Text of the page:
Main Article Content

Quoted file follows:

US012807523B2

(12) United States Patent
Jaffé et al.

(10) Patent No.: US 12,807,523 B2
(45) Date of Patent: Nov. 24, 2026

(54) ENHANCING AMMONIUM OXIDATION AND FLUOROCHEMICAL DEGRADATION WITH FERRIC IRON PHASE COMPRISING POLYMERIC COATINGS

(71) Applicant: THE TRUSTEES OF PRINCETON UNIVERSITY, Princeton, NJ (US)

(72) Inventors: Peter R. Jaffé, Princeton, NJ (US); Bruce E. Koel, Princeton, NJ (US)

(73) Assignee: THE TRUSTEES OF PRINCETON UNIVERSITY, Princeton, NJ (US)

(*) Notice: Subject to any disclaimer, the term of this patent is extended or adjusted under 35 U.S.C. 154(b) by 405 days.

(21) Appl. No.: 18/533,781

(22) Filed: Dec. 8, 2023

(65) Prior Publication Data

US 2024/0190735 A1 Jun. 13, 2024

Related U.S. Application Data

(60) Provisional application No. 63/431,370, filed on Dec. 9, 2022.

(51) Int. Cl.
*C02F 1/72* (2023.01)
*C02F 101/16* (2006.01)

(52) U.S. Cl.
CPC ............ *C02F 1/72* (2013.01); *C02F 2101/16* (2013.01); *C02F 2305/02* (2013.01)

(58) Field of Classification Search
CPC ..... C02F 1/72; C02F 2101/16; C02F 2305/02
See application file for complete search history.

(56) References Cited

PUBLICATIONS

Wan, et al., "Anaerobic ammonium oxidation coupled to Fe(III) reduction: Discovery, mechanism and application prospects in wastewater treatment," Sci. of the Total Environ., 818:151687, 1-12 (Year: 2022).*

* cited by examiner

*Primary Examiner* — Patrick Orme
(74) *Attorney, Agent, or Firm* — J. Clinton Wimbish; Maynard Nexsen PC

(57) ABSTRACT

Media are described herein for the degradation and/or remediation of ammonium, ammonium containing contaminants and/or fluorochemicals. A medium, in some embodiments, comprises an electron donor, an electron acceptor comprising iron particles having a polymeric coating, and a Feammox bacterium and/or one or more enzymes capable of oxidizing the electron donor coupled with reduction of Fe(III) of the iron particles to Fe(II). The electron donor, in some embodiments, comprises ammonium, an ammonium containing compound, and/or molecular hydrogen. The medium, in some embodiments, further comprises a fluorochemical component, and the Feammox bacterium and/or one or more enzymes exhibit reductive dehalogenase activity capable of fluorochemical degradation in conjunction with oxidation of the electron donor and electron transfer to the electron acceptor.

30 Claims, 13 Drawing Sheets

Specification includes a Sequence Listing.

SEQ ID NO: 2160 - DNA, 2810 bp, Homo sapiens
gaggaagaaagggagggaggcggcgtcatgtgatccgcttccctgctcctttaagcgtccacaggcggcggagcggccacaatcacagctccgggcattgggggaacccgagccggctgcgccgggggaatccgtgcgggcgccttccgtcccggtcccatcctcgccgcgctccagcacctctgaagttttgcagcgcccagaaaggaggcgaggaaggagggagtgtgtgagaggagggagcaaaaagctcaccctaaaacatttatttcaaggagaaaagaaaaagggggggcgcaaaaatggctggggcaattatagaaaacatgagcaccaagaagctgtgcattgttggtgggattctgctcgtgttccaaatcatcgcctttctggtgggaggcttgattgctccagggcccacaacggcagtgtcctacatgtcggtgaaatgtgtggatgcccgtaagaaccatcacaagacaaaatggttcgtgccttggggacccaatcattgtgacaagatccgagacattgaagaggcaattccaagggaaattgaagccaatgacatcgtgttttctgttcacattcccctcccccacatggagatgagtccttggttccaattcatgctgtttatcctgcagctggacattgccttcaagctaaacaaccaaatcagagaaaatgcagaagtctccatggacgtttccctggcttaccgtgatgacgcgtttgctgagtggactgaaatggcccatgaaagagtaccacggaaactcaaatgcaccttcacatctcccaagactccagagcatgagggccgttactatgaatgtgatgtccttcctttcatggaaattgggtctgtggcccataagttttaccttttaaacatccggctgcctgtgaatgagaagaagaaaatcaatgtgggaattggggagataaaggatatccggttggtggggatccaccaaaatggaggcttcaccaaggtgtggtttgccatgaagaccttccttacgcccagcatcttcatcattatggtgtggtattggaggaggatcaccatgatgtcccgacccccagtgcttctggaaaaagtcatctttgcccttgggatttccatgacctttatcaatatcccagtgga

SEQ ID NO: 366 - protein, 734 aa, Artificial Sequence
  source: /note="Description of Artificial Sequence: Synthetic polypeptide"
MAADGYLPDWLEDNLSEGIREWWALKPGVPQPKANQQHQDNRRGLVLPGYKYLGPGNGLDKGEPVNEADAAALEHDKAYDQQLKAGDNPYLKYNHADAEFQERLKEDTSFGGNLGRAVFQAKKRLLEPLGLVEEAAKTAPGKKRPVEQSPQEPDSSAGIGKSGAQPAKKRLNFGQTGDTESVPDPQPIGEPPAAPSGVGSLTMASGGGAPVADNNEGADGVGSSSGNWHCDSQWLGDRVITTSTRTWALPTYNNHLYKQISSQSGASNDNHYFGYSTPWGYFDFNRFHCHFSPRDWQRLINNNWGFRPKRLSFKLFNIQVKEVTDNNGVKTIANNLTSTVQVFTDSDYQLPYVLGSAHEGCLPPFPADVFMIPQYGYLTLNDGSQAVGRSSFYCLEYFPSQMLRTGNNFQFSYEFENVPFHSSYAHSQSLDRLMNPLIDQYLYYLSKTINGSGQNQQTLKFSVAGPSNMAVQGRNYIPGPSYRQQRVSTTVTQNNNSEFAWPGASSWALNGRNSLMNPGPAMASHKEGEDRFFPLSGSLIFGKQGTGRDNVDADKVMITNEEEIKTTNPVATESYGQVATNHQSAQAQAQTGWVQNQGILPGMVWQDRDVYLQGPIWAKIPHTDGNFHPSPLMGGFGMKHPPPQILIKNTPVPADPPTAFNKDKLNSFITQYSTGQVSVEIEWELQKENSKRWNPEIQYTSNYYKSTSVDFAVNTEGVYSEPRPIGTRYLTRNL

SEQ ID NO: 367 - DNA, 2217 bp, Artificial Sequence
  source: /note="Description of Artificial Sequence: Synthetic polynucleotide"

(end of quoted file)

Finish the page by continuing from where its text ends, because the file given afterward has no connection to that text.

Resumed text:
Ethiopia has adopted a federal system de facto since 1991, and de jure since 1995 with a view to decentralizing power and resources from the center and to accommodate the diverse ethno-linguistic groups that exist in the country. As constitutionally entrenched division of power between federal and state governments is at the bedrock federalism and as the division of powers often is far from clear, it is inherent in any federal system that there must be an organ for the adjudication of constitutional issues and for the settlement of disputes concerning the competence of the two levels of governments. In the 1995 Ethiopian federal constitution, this task is entrusted to the nonlegislative second chamber, otherwise known as the House of Federation (HoF). This article attempts to review the experience of the HoF ever since its establishment by assessing the relevant Ethiopian laws and the decisions of the HoF. With this in view the first sections are devoted, though briefly, to the discussion of the varied practices adopted in some constitutional systems. The remaining sections discuss the underlying reasons for the adoption in the 1995 federal Constitution of Ethiopia, the HoF as a unique institution for the adjudication of disputes and explore its jurisdiction vis-à-vis the judiciary and analyse its achievements and challenges. The general trend observed is that despite institutional and pragmatic challenges, the HoF has over the years evolved as a legitimate body for the settlement of disputes at least as far as issues of high political and constitutional significance are concerned. This article further discusses the extent to which the role of the judiciary has been affected owing to the role of the HoF.